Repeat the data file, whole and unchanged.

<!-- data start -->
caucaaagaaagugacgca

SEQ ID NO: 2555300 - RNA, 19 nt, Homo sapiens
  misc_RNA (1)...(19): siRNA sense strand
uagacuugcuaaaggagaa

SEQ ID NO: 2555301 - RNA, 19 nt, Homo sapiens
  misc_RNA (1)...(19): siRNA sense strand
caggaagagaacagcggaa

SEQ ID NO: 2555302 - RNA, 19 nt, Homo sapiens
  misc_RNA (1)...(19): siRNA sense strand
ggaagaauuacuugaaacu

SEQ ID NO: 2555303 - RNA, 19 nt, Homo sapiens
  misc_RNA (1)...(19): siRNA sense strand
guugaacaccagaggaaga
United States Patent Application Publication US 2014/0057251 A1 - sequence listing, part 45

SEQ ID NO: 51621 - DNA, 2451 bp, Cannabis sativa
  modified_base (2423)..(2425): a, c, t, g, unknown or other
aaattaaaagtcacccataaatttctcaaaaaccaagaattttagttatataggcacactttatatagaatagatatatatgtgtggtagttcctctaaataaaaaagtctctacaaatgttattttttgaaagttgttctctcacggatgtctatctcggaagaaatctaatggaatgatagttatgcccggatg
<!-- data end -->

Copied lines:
caucaaagaaagugacgca

SEQ ID NO: 2555300 - RNA, 19 nt, Homo sapiens
  misc_RNA (1)...(19): siRNA sense strand
uagacuugcuaaaggagaa

SEQ ID NO: 2555301 - RNA, 19 nt, Homo sapiens
  misc_RNA (1)...(19): siRNA sense strand
caggaagagaacagcggaa

SEQ ID NO: 2555302 - RNA, 19 nt, Homo sapiens
  misc_RNA (1)...(19): siRNA sense strand
ggaagaauuacuugaaacu

SEQ ID NO: 2555303 - RNA, 19 nt, Homo sapiens
  misc_RNA (1)...(19): siRNA sense strand
guugaacaccagaggaaga
United States Patent Application Publication US 2014/0057251 A1 - sequence listing, part 45

SEQ ID NO: 51621 - DNA, 2451 bp, Cannabis sativa
  modified_base (2423)..(2425): a, c, t, g, unknown or other
aaattaaaagtcacccataaatttctcaaaaaccaagaattttagttatataggcacactttatatagaatagatatatatgtgtggtagttcctctaaataaaaaagtctctacaaatgttattttttgaaagttgttctctcacggatgtctatctcggaagaaatctaatggaatgatagttatgcccggatg